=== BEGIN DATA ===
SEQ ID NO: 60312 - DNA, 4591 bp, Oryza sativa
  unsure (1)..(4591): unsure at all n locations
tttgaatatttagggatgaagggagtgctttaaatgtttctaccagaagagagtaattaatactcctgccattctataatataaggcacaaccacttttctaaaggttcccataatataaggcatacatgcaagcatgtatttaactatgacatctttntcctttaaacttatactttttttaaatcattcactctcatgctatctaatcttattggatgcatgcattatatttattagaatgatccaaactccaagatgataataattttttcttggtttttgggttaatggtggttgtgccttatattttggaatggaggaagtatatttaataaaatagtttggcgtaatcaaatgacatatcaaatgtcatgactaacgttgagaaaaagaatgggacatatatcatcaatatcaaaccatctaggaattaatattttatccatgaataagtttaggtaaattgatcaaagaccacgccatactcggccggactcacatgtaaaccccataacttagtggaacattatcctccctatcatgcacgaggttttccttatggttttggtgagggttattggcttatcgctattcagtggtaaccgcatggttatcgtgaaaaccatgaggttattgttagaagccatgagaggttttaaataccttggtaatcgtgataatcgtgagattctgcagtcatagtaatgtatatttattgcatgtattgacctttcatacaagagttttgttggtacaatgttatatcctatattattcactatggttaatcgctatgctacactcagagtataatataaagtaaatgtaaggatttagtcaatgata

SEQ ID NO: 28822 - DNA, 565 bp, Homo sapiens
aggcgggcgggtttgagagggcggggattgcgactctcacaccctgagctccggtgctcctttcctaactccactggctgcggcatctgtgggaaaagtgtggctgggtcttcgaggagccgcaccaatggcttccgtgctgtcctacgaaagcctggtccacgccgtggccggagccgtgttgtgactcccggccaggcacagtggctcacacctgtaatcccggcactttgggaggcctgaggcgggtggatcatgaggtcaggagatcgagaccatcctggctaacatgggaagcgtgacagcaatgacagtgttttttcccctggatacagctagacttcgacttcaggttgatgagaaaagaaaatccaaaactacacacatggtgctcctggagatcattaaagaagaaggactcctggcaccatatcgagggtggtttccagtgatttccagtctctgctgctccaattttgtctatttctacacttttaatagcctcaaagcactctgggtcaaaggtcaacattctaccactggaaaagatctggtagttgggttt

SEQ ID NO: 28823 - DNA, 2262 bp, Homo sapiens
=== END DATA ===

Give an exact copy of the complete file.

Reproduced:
SEQ ID NO: 60312 - DNA, 4591 bp, Oryza sativa
  unsure (1)..(4591): unsure at all n locations
tttgaatatttagggatgaagggagtgctttaaatgtttctaccagaagagagtaattaatactcctgccattctataatataaggcacaaccacttttctaaaggttcccataatataaggcatacatgcaagcatgtatttaactatgacatctttntcctttaaacttatactttttttaaatcattcactctcatgctatctaatcttattggatgcatgcattatatttattagaatgatccaaactccaagatgataataattttttcttggtttttgggttaatggtggttgtgccttatattttggaatggaggaagtatatttaataaaatagtttggcgtaatcaaatgacatatcaaatgtcatgactaacgttgagaaaaagaatgggacatatatcatcaatatcaaaccatctaggaattaatattttatccatgaataagtttaggtaaattgatcaaagaccacgccatactcggccggactcacatgtaaaccccataacttagtggaacattatcctccctatcatgcacgaggttttccttatggttttggtgagggttattggcttatcgctattcagtggtaaccgcatggttatcgtgaaaaccatgaggttattgttagaagccatgagaggttttaaataccttggtaatcgtgataatcgtgagattctgcagtcatagtaatgtatatttattgcatgtattgacctttcatacaagagttttgttggtacaatgttatatcctatattattcactatggttaatcgctatgctacactcagagtataatataaagtaaatgtaaggatttagtcaatgata

SEQ ID NO: 28822 - DNA, 565 bp, Homo sapiens
aggcgggcgggtttgagagggcggggattgcgactctcacaccctgagctccggtgctcctttcctaactccactggctgcggcatctgtgggaaaagtgtggctgggtcttcgaggagccgcaccaatggcttccgtgctgtcctacgaaagcctggtccacgccgtggccggagccgtgttgtgactcccggccaggcacagtggctcacacctgtaatcccggcactttgggaggcctgaggcgggtggatcatgaggtcaggagatcgagaccatcctggctaacatgggaagcgtgacagcaatgacagtgttttttcccctggatacagctagacttcgacttcaggttgatgagaaaagaaaatccaaaactacacacatggtgctcctggagatcattaaagaagaaggactcctggcaccatatcgagggtggtttccagtgatttccagtctctgctgctccaattttgtctatttctacacttttaatagcctcaaagcactctgggtcaaaggtcaacattctaccactggaaaagatctggtagttgggttt

SEQ ID NO: 28823 - DNA, 2262 bp, Homo sapiens